Funding

National Natural Science Foundation of China under Grant (11747024, 51635011, 61571406, 61704158); in part by the Shanxi “1331 Project ” Key Subjects Construction.

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References

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  1. M. A. Nielsen and I. Chuang, “Quantum computation and quantum information,” (2002).
  2. A. Barenco, C. H. Bennett, R. Cleve, D. P. DiVincenzo, N. Margolus, P. Shor, T. Sleator, J. A. Smolin, and H. Weinfurter, “Elementary gates for quantum computation,” Phys. Rev. A 52, 3457 (1995).
    [Crossref] [PubMed]
  3. Y. Liu, G. L. Long, and Y. Sun, “Analytic one-bit and cnot gate constructions of general n-qubit controlled gates,” Int. J. Quantum Inf. 6, 447–462 (2008).
    [Crossref]
  4. G. R. Feng, G. F. Xu, and G. L. Long, “Experimental realization of nonadiabatic holonomic quantum computation,” Phys. Rev. Lett. 110, 190501 (2013).
    [Crossref] [PubMed]
  5. T. Xin, J. S. Pedernales, E. Solano, and G. L. Long, “Entanglement measures in embedding quantum simulators with nuclear spins,” Phys. Rev. A 97, 022322 (2018).
    [Crossref]
  6. X. Q. Li, Y. W. Wu, D. C. Steel, D. Gammon, T. Stievater, D. Katzer, D. Park, C. Piermarocchi, and L. Sham, “An all-optical quantum gate in a semiconductor quantum dot,” Science 301, 809–811 (2003).
    [Crossref] [PubMed]
  7. C. Bonato, F. Haupt, S. S. Oemrawsingh, J. Gudat, D. Ding, M. P. van Exter, and D. Bouwmeester, “Cnot and bell-state analysis in the weak-coupling cavity qed regime,” Phys. Rev. Lett. 104, 160503 (2010).
    [Crossref] [PubMed]
  8. H. R. Wei and F. G. Deng, “Universal quantum gates for hybrid systems assisted by quantum dots inside double-sided optical microcavities,” Phys. Rev. A 87, 022305 (2013).
    [Crossref]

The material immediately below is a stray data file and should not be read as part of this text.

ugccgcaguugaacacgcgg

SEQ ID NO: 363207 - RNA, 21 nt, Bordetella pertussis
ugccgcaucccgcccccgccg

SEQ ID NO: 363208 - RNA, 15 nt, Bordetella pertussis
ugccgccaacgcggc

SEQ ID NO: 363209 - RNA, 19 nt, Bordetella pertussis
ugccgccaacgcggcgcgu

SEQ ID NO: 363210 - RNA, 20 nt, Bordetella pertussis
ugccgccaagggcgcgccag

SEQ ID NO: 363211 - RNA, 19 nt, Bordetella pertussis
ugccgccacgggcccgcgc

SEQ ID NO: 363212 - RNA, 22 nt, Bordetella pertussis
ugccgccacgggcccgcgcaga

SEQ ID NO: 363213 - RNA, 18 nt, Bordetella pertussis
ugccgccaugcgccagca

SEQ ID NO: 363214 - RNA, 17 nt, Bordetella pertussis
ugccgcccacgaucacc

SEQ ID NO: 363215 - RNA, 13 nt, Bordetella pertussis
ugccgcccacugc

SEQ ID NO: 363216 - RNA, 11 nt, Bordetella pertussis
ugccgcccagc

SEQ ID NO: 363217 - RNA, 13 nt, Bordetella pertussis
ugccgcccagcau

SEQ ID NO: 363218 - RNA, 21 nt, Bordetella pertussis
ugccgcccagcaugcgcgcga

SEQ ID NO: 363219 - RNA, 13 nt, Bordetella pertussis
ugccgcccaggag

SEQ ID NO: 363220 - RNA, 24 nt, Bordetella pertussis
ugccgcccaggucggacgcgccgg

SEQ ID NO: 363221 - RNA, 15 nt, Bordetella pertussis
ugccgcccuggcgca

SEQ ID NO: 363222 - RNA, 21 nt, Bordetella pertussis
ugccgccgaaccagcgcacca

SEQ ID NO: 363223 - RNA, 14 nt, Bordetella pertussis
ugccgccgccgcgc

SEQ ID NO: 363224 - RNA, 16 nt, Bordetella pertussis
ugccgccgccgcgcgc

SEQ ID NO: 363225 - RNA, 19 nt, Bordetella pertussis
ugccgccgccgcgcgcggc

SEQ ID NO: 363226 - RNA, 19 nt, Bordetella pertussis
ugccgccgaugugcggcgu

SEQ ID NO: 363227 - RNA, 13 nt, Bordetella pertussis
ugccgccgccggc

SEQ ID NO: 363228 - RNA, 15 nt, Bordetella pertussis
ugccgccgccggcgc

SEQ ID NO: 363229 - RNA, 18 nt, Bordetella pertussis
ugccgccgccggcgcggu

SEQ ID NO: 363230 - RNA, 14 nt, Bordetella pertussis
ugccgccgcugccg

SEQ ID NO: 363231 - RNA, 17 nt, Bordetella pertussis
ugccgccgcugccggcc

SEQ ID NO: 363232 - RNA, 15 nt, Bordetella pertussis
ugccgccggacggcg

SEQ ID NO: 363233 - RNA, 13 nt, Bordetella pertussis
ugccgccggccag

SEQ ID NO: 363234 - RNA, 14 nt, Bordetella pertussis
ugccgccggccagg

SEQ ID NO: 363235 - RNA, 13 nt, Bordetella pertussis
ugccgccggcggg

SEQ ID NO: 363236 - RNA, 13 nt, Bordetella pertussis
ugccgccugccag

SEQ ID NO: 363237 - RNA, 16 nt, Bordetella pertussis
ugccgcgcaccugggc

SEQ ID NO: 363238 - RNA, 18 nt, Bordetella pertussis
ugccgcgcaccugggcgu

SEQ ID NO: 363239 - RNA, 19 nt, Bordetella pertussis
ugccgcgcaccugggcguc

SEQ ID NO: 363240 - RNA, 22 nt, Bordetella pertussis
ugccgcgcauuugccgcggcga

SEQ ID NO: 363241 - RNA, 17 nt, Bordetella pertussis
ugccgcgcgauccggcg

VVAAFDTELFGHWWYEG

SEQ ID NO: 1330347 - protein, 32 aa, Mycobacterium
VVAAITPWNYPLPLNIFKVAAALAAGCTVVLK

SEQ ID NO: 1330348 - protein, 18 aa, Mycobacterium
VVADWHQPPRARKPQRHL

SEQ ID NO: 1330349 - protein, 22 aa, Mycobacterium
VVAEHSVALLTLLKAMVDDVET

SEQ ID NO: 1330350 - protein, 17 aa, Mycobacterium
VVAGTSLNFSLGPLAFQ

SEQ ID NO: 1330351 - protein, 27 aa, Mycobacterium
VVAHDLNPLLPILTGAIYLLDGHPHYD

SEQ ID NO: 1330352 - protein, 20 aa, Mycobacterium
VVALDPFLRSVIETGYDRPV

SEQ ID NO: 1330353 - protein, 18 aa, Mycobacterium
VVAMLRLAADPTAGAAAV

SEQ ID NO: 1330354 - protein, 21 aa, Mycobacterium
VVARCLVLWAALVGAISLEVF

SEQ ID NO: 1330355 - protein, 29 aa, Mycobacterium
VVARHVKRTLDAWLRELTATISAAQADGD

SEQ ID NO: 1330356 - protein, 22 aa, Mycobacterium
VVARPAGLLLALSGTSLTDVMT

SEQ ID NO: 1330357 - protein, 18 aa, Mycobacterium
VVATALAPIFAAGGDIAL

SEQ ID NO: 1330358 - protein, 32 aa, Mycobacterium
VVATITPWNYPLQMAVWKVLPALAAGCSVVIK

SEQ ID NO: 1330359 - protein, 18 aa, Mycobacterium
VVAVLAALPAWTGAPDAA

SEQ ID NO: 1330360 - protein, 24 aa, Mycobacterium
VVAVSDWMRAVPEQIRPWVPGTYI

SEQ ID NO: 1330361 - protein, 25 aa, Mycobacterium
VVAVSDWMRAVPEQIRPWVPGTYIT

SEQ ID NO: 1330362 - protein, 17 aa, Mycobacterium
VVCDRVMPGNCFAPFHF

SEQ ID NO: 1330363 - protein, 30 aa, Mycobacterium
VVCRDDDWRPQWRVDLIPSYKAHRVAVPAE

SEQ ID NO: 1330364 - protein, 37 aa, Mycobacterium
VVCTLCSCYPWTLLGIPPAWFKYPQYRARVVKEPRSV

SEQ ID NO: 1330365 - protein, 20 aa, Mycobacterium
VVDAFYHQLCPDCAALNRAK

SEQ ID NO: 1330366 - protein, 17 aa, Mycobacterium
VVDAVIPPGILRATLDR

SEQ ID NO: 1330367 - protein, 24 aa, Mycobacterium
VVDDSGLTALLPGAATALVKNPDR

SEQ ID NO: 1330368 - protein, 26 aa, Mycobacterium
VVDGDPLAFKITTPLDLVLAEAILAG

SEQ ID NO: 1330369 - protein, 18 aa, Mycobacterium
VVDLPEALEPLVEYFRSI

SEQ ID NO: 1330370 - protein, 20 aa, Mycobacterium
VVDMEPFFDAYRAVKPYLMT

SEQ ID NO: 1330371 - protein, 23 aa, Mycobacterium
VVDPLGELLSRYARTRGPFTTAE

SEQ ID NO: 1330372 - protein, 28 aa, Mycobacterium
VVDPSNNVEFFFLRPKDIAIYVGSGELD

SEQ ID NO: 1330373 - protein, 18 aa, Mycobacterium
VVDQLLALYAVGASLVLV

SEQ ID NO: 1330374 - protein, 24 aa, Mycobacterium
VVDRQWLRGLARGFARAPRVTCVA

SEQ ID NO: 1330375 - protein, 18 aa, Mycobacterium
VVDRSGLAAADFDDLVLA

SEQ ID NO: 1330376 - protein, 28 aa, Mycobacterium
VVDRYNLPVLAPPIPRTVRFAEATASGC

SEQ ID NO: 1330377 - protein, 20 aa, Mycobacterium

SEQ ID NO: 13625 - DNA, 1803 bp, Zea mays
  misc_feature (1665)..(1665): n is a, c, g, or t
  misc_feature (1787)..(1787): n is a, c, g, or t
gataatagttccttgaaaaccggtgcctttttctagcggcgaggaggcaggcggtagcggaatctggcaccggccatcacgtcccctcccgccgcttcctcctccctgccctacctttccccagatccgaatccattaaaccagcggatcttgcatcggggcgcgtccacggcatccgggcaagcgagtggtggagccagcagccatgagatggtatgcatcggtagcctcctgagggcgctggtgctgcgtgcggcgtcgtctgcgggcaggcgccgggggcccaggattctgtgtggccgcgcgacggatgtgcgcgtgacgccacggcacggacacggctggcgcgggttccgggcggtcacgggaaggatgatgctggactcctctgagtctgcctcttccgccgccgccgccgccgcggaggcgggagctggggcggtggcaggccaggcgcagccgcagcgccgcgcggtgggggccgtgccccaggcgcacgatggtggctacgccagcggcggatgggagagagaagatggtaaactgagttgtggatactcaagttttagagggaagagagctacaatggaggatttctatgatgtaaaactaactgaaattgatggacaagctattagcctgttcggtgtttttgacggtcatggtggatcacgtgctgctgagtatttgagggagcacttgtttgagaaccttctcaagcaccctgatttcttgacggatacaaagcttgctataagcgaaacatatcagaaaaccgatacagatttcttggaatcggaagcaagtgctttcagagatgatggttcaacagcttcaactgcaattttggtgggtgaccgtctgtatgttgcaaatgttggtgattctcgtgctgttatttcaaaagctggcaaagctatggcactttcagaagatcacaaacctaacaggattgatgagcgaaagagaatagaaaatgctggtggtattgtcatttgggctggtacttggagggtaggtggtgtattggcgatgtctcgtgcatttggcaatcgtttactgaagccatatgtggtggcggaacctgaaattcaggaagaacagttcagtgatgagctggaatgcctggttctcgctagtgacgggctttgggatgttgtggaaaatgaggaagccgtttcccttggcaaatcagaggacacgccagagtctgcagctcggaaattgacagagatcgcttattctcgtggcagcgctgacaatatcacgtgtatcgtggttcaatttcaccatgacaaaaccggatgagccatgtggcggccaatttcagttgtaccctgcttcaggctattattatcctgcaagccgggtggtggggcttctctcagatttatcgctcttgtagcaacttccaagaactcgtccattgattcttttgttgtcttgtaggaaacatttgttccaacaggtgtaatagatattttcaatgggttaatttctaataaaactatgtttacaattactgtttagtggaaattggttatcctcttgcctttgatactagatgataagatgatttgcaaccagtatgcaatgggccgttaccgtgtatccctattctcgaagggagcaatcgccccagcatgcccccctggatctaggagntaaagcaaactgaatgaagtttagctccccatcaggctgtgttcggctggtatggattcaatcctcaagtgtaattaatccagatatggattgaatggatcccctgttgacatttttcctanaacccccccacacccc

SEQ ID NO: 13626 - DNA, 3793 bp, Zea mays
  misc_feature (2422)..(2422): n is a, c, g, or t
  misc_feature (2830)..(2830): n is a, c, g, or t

9. C. Wang, Y. Zhang, R. Z. Jiao, and G. S. Jin, “Universal quantum controlled phase gate on photonic qubits based on nitrogen vacancy centers and microcavity resonators,” Opt. Express 21, 19252–19260 (2013).
    [Crossref] [PubMed]
  10. H. R. Wei and F. G. Deng, “Compact quantum gates on electron-spin qubits assisted by diamond nitrogen-vacancy centers inside cavities,” Phys. Rev. A 88, 042323 (2013).
    [Crossref]
  11. T. J. Wang and C. Wang, “Universal hybrid three-qubit quantum gates assisted by a nitrogen-vacancy center coupled with a whispering-gallery-mode microresonator,” Phys. Rev. A 90, 052310 (2014).
    [Crossref]
  12. T. Yamamoto, Y. A. Pashkin, O. Astafiev, Y. Nakamura, and J. S. Tsai, “Demonstration of conditional gate operation using superconducting charge qubits,” Nature 425, 941 (2003).
    [Crossref] [PubMed]
  13. J. M. Chow, J. M. Gambetta, A. Córcoles, S. T. Merkel, J. A. Smolin, C. Rigetti, S. Poletto, G. A. Keefe, M. B. Rothwell, and J. Rozen, “Universal quantum gate set approaching fault-tolerant thresholds with superconducting qubits,” Phys. Rev. Lett. 109, 060501 (2012).
    [Crossref] [PubMed]
  14. L. M. Duan and H. Kimble, “Scalable photonic quantum computation through cavity-assisted interactions,” Phys. Rev. Lett. 92, 127902 (2004).
    [Crossref] [PubMed]
  15. L. Isenhower, E. Urban, X. Zhang, A. Gill, T. Henage, T. A. Johnson, T. Walker, and M. Saffman, “Demonstration of a neutral atom controlled-not quantum gate,” Phys. Rev. Lett. 104, 010503 (2010).
    [Crossref] [PubMed]